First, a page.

THE LITTLE MACHINES

Ralph was a “completist” - he enjoyed having sets of things. They could all be slightly different, but had to be recognisably akin to each other. He liked having the tiny blue cups whose shapes were all the same, but whose roses decorating the rims  were in contrasting colours.  He like having the cushions with Vesuvius on, because some of them were pristine and others were bleached by the sun. And he liked having the little clockwork toys - cars with passengers, trains with drivers, bicycles with ladies astride, grizzly bears with tambourines. They all had keys that he could turn to set the mechanism in motion, and they all had different quirks in their operation.

It was his chief desire to set all his clockwork toys going at once. This required some dexterity and speed on his part, since they were inclined to stammer and hiccup with no warning. But one day he decided to go hell-for-leather. The jangling and whirring was music to his ears. He reached out to the Red Riding Hood figure (the one with the snapping wolf) and found that her little basket had come off in his hand. When he looked at her, he was quite sure that she was moving, and of her own volition. She stretched out her hand for her basket.

 

Things intensified. The motorcyclist, whom he had neatly positioned next to the lady on the bike, climbed off his vehicle, pushed the lady away, purloined hers and cycled under the  sideboard. The bear, who had hitherto seemed such a docile creature, sank its incisors into his toe, and worried it. The train driver seemed intent on observing the lady cyclist from his cabin, and he rubbed himself in an unbecoming way. 

 

Ralph had to put a stop to all of it. One by one he snatched the keys from their keyholes, and swallowed them. “Down the little red road”, as his mother used to say. Once by one, the keys plummeted down his gullet. They felt cold at first. But later (we are furnaces  inside!), they would be warm, and burnished by gastric acid.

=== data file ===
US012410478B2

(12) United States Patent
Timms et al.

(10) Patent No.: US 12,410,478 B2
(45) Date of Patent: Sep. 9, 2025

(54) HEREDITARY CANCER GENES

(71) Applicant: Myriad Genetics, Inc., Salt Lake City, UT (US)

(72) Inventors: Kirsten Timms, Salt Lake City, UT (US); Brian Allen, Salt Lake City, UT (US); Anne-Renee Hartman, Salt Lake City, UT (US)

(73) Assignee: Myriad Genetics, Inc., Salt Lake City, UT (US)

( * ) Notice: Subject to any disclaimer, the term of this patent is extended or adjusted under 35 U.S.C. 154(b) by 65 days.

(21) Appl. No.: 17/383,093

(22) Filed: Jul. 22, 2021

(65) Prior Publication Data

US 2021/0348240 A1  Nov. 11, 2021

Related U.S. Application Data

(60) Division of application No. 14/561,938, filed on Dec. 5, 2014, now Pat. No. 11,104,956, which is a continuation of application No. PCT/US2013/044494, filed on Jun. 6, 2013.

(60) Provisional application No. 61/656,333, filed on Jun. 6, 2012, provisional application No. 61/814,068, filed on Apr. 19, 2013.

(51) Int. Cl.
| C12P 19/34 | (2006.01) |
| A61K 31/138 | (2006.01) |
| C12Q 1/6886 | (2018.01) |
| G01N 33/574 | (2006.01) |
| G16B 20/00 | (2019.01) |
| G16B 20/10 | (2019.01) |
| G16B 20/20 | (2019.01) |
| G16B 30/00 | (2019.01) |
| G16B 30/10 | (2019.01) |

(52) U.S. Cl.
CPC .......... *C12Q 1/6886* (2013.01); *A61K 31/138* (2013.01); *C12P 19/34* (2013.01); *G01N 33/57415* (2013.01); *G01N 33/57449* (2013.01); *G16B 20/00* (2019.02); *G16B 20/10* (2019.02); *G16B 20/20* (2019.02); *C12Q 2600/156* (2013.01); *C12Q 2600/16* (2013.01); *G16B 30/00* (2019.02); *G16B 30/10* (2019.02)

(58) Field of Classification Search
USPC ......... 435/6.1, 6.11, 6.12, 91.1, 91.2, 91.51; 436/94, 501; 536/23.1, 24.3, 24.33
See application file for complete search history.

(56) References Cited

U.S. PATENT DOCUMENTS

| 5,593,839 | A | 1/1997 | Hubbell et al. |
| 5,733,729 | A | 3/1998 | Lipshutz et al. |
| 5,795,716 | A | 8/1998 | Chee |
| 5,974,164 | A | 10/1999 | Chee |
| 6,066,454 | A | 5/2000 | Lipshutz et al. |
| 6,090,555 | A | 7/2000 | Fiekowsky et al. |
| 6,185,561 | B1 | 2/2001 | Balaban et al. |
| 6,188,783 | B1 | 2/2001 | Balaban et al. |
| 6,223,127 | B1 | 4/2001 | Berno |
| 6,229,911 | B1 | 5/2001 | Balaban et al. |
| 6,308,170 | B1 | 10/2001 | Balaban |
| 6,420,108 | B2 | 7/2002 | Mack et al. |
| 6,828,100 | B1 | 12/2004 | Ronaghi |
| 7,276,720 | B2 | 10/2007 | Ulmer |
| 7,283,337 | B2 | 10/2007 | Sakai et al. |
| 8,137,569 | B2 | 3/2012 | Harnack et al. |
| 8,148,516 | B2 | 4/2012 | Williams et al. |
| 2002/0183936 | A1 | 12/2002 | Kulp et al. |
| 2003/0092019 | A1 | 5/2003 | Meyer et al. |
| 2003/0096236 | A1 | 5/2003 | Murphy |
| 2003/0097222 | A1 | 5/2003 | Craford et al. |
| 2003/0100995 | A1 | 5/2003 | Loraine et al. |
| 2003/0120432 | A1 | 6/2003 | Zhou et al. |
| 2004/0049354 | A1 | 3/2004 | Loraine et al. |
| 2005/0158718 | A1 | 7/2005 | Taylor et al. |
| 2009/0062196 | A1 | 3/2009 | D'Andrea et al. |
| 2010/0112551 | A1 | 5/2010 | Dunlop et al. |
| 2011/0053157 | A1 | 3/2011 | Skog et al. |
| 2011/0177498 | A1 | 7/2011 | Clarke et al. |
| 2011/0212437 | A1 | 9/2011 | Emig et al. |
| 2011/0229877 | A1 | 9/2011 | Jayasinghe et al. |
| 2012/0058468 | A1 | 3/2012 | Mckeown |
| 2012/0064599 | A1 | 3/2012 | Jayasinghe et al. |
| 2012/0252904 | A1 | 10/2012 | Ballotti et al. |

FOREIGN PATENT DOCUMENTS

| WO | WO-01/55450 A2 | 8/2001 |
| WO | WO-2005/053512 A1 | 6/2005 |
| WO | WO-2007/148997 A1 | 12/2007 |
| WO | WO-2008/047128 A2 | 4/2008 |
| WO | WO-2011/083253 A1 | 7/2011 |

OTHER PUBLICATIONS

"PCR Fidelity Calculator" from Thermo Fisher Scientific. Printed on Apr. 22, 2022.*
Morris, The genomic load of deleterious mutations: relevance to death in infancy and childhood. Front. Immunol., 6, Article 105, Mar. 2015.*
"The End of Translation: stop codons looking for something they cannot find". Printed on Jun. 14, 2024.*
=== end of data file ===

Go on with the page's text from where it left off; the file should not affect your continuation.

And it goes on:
As the toys finally chundered to a standstill without their keys, Ralph felt pleased. He had managed to restore order. But all stasis comes at a cost. In a few days, the keys would reappear, but in camouflage. Someone would have to deal with that. Just as long as it wasn’t him.

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© 2020 by Sue Harper

feminist gothic literature | tales of the macabre | fantastic and supernatural | gothic fiction | written by women | gothic literary tradition | gothic fiction | supernatural | fantastic and paranoia | literary female gothic | gothic narrative | stories of transformation and surprise | sue harper | short stories | feminist gothic literature | The Dark Nest | portsmouth university | emeritus professor sue harper | feminist gothic literature | tales of the macabre | fantastic and supernatural | gothic fiction | written by women | gothic literary tradition | gothic fiction | outstanding achievement award | british association of film, theatre and television | professor of film history at portsmouth university | film, media and creative arts | british academy and the arts and humanities research council | stories of transformation and surprise | sue harper | short stories | feminist gothic literature | The Dark Nest |